Python internals

Ben Finney bignose+hates-spam at benfinney.id.au
Wed Jul 16 00:26:01 CEST 2008


Larry Bates <larry.bates at websafe.com`> writes:

> Names are pointers in Python that point to values in memory.

The term "pointer" carries much extra baggage for a programmer
thinking of C (as the original poster is). Python names give no access
to the "address" of the value, and don't need to be "de-referenced".

I've had better success explaining Python names to such people in
terms of "references": there is no "address" and no "de-reference"
needed. Access the name, and you get its value.

On the other hand, I prefer to avoid using either of those concepts,
and talk in terms of "name tags" or "sticky notes". Names (and other
references, like list elements) attach to the object, and have no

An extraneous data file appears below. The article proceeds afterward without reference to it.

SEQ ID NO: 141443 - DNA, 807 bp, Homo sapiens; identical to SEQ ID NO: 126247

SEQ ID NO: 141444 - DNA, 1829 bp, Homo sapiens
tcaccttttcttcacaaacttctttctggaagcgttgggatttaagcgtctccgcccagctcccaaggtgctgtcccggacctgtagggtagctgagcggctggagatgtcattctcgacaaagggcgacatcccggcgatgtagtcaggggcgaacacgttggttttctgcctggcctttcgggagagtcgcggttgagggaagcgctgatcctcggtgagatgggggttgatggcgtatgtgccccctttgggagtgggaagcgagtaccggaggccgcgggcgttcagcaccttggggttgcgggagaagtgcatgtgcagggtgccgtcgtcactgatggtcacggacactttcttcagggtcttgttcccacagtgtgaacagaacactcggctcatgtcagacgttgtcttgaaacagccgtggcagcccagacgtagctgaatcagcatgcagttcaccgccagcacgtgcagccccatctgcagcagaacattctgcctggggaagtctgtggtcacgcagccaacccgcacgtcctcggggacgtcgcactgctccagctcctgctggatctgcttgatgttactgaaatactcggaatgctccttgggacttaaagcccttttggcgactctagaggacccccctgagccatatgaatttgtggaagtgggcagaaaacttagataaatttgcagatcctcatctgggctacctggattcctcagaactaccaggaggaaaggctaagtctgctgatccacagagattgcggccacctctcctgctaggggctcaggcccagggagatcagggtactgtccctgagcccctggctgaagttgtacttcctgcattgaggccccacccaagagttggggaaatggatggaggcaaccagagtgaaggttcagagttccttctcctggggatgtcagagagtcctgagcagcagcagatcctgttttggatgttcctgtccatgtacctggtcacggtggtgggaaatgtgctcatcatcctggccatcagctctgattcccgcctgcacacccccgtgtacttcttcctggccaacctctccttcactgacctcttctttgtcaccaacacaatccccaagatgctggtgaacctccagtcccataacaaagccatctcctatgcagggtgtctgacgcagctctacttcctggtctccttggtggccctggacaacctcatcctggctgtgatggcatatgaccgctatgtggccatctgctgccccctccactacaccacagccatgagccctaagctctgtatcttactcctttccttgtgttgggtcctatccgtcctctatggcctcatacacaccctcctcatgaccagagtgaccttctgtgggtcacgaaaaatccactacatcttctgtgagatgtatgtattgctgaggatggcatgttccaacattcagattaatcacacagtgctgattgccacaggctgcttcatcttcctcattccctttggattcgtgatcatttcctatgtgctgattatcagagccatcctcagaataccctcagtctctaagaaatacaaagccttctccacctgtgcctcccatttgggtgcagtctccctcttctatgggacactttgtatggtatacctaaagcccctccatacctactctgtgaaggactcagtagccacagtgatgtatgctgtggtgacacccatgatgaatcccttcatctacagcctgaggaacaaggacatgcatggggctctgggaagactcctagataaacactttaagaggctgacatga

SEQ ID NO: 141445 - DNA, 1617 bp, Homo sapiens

other value or purpose. They don't affect the object they're attached
to; they are entirely independent of other bindings to the same
object; they re-bind to another object with no history of what they
were bound to previously.

The analogy is quite robust, and carries none of the confusing baggage
of "variable" or "pointer" or other overloaded language terms.

-- 
 \     “Are you pondering what I'm pondering?” “I think so, Brain, but |
  `\        I don't think Kay Ballard's in the union.” —_Pinky and The |
_o__)                                                           Brain_ |
Ben Finney



More information about the Python-list mailing list